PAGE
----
On the other hand, I still have the check and the giraffe. To remind me that sometimes intriguing and weird is just plain weird.

Resident Twizzlebum

Link to comment
Share on other sites

the money is coming from `Fino` which is 3 doors away. that places sucks also please dont go there , it says gourmet Italian cuisine. the owner is a Persian guy and he owns `Fino , Twist and Lazio (which is closed right now located across DEan and Deluca) .

Twist is just a place for tourists who dont have an idea about restaurants or fast food places. You are lucky that you didnt see any rats because `Fino` is all about that. :angry:


General Manager

1122 Ninth Street, NW

Washington DC 20001


202 589 0699

Link to comment
Share on other sites

You have this gift for finding the most bizzare places, but moreso in writing about them! You should put together something in the way of a 'star map' and call it "Freakin' Bizzare Dining In Our Nation's Capital". That's just a working title, of course. We can hammer out the specifics later. Have your people call my people.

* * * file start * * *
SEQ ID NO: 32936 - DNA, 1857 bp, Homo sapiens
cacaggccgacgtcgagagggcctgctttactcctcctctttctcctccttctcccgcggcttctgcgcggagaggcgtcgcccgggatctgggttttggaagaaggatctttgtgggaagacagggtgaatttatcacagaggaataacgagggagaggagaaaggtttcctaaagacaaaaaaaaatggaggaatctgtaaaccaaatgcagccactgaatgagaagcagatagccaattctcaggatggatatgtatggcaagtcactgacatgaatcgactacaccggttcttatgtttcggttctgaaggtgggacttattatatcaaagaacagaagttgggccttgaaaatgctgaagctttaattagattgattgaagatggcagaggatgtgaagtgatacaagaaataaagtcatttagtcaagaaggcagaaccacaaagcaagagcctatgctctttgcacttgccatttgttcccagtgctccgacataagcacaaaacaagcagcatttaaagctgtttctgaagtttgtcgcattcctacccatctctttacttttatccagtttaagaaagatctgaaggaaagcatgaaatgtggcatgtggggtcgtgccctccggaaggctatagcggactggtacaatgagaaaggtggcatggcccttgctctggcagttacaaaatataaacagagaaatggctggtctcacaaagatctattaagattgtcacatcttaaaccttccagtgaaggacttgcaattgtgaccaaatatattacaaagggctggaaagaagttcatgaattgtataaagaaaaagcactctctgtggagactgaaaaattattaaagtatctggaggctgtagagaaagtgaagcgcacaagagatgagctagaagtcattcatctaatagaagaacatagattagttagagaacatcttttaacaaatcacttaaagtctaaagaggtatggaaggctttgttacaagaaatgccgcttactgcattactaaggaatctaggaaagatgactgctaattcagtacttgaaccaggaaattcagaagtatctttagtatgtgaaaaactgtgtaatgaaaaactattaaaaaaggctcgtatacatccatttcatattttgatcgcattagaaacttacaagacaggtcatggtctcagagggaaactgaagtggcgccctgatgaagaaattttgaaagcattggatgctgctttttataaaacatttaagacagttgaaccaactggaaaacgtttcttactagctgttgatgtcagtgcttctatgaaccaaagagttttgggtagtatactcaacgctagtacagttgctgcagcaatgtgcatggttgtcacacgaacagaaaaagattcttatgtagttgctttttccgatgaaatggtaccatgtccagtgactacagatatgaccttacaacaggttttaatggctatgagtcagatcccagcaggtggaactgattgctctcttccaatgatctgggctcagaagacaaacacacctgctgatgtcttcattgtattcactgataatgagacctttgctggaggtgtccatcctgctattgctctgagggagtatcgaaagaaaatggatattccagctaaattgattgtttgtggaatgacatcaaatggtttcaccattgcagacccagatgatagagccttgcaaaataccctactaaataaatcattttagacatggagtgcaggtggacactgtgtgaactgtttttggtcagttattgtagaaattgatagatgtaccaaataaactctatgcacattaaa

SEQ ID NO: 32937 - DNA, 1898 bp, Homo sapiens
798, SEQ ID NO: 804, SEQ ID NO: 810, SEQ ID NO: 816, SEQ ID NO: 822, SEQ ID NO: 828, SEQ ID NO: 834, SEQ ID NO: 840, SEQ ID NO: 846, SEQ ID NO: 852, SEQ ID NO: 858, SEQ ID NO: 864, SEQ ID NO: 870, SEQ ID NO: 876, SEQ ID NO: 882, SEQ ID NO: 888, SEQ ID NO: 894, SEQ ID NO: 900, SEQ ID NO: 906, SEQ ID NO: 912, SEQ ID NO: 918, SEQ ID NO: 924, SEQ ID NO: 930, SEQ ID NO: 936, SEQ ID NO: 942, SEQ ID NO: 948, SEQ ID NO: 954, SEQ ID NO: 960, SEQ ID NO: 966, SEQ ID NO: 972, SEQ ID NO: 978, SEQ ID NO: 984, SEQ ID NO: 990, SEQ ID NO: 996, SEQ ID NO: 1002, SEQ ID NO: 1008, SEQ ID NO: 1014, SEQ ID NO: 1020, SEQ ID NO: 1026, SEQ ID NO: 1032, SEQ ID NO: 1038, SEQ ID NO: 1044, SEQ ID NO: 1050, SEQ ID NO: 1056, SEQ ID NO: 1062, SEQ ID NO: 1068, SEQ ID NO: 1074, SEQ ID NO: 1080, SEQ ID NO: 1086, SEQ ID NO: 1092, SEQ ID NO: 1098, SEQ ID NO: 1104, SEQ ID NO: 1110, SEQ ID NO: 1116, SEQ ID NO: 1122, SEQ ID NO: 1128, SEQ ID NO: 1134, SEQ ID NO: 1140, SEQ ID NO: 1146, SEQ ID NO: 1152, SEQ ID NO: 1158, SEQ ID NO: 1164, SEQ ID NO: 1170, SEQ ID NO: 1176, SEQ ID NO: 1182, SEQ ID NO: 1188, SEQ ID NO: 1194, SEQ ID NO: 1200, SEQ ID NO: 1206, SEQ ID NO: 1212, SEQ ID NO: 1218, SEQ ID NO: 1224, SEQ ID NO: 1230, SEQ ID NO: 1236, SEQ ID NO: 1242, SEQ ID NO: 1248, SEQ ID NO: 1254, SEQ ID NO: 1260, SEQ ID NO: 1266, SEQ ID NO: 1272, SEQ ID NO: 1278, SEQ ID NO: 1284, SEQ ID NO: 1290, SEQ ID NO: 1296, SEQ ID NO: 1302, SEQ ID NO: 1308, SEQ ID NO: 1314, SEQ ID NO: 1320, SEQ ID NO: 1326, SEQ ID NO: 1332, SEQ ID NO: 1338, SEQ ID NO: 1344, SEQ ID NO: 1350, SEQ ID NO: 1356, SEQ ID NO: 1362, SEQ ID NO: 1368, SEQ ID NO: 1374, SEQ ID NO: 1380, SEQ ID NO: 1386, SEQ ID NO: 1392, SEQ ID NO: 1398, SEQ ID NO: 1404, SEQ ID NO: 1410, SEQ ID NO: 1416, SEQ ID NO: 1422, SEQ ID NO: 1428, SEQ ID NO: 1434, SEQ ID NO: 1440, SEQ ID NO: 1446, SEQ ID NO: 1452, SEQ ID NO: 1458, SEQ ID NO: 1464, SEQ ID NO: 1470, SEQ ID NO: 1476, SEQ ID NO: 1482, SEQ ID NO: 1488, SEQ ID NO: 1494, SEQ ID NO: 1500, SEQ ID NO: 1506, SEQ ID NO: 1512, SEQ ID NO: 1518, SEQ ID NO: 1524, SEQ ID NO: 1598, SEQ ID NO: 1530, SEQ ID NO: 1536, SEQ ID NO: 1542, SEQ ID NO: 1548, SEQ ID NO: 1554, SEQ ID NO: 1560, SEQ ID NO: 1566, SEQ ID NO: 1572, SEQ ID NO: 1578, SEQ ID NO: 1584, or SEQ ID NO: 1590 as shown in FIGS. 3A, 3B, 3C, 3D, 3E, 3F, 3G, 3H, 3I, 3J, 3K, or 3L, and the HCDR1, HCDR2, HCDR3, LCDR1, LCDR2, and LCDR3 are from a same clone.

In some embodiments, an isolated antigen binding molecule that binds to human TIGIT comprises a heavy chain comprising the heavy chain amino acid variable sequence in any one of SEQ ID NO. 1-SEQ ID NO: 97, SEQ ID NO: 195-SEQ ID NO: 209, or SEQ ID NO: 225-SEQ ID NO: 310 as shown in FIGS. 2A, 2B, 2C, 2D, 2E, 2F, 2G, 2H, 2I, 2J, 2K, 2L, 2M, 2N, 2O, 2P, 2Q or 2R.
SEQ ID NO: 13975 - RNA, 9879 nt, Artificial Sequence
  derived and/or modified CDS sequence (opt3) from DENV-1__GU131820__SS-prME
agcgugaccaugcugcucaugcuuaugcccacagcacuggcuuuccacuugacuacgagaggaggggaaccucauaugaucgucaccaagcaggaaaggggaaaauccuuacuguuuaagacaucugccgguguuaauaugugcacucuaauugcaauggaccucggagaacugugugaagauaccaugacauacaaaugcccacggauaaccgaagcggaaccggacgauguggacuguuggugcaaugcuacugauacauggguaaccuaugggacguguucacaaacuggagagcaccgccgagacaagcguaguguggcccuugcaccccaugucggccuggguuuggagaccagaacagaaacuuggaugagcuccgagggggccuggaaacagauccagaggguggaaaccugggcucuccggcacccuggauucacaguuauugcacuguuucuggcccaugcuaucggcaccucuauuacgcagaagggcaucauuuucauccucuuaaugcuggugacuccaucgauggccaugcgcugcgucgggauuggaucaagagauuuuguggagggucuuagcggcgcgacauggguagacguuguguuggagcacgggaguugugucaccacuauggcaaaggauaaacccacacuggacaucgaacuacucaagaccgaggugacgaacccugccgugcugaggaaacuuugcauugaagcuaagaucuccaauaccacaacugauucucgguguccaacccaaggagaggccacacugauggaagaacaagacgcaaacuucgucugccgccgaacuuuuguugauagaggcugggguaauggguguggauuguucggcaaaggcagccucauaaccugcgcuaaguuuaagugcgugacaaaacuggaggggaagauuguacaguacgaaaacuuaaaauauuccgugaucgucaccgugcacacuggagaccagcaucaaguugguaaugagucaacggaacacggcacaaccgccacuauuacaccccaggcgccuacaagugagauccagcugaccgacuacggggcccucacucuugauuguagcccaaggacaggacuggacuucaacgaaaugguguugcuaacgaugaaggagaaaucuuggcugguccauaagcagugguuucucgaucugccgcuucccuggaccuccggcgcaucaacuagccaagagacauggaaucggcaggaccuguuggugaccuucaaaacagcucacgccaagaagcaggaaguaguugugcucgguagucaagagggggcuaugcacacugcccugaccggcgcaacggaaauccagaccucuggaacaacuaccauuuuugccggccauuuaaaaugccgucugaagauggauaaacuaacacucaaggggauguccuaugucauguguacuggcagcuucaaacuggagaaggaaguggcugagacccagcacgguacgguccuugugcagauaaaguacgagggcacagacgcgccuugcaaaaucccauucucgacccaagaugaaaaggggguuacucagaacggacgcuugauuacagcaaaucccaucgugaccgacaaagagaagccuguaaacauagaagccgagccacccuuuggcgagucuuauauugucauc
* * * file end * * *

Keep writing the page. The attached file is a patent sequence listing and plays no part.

Matt Robinson

Prep for dinner service, prep for life! A Blog

Link to comment
Share on other sites

Finally, a bill arrives.  I give it a required cursory look, and my eyes almost pop out of my cranium and end up on the table in manner of Walt Disney characters.  There is a $1,200 glass of ice tea on my check, bringing the total to $1,346.29.


Hilarious recap, Nadya. Thanks for sharing. I expect to spend some time in Georgetown with my parents this weekend so I'm glad to know one more place to avoid.

Link to comment
Share on other sites

  • 2 months later...

Twist is now Fino. A bunch of pasta and Italian sounding dishes have been added to the menu. Everything else looks the same.

Well, I'll see if I can scrape together another $1,200 for a quick bite :raz:

Resident Twizzlebum

Link to comment
Share on other sites


  • Create New...